4 preemptive ways to brace for your neighbor’s death

  • First, wait for them to die before you get all sad and stuff. Nobody ever kept
    living just because you kept thinking about the day they were going to die.
     Be nice especially if you don’t like them. You will be the one who suffers from
    guilt when they’re gone.
  •  I’ve been studying the dreams I have of dying, especially in airplanes where there
    are those few seconds between when the captain comes on the speaker with death
    in his voice and we all look at each other trying to decide whether to fight for the
    lone parachute or scream I love you to everyone, those few seconds before we
    crash. (I asked my friend who was losing his mind what it was like, knowing for
    his remaining few seconds that he wasn’t going to remember any of this, anything
    from our conversation, his grandkids, his life, what was it like to know that.)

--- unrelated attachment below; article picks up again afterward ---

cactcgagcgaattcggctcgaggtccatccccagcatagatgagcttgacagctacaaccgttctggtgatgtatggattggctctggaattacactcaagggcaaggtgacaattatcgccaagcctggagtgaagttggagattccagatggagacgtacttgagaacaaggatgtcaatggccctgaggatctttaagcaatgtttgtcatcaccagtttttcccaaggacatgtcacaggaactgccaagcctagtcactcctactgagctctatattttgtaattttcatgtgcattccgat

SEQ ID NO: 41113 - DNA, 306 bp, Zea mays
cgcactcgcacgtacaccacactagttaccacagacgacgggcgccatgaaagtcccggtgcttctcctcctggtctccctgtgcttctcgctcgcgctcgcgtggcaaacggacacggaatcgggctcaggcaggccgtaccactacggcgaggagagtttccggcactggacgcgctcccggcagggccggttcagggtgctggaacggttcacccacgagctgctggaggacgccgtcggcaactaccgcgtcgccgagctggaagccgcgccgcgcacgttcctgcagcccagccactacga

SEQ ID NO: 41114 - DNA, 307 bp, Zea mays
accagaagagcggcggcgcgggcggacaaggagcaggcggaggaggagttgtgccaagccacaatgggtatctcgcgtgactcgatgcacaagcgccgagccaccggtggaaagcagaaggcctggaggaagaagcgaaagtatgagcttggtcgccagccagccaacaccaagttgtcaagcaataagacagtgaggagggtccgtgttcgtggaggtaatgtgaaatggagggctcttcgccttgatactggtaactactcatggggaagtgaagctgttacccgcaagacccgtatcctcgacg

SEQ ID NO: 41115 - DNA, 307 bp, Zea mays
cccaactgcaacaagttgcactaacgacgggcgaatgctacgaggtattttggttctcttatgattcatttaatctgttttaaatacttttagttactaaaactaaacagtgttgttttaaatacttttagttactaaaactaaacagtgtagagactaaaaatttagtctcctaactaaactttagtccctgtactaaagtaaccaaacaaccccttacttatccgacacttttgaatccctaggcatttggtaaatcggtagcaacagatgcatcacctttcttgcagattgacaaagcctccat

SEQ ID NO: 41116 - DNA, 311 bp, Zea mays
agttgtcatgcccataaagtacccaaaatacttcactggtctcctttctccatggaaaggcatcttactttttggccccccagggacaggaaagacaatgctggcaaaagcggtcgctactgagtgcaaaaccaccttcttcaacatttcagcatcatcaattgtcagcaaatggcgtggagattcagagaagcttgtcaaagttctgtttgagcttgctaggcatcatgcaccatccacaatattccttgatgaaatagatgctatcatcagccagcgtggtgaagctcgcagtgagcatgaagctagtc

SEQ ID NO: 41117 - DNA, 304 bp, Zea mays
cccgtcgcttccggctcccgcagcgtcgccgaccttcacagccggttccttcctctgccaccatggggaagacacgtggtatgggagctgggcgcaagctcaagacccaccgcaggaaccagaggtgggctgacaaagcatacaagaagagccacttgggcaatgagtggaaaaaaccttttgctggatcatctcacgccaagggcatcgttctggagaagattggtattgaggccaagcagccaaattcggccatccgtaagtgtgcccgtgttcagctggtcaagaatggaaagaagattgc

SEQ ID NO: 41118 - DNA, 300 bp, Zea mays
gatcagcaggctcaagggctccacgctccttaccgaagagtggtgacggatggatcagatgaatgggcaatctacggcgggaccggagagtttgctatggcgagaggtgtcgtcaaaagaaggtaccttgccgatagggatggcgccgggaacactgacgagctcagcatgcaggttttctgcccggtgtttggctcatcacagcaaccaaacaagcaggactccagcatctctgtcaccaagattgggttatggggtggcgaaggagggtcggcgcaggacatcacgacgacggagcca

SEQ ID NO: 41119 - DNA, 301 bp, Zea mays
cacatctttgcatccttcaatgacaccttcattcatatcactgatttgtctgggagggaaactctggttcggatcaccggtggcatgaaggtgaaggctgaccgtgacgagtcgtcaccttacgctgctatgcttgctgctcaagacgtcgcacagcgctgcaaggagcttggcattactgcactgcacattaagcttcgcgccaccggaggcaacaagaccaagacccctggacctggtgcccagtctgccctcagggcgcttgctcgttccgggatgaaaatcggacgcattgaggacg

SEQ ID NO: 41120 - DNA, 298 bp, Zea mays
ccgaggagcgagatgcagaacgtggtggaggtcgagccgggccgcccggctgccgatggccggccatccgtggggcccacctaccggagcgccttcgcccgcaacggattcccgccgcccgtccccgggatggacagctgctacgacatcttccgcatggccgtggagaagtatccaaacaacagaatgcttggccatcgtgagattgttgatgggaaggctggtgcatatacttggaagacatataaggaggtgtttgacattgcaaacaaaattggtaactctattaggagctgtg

I almost forgot this.

  •  It takes just a few seconds from here where I’m writing to my neighbor’s front
    door, to ring the bell, to wait for footsteps, to hand someone a jar of jelly borne of
    the trees in my backyard, to be thanked, to turn around, to turn around and walk
    back to this home, this place with no runways.


About the Author

Casey has been published in journals including The American Journal of Poetry, Better Than Starbucks, The Moth, and 3rd Wednesday. His latest book is A nest blew down (Kelsay Books, 2021), and a new collection, Freak show (Fernwood Press), is due out in early 2023. Casey has a degree from Reed College.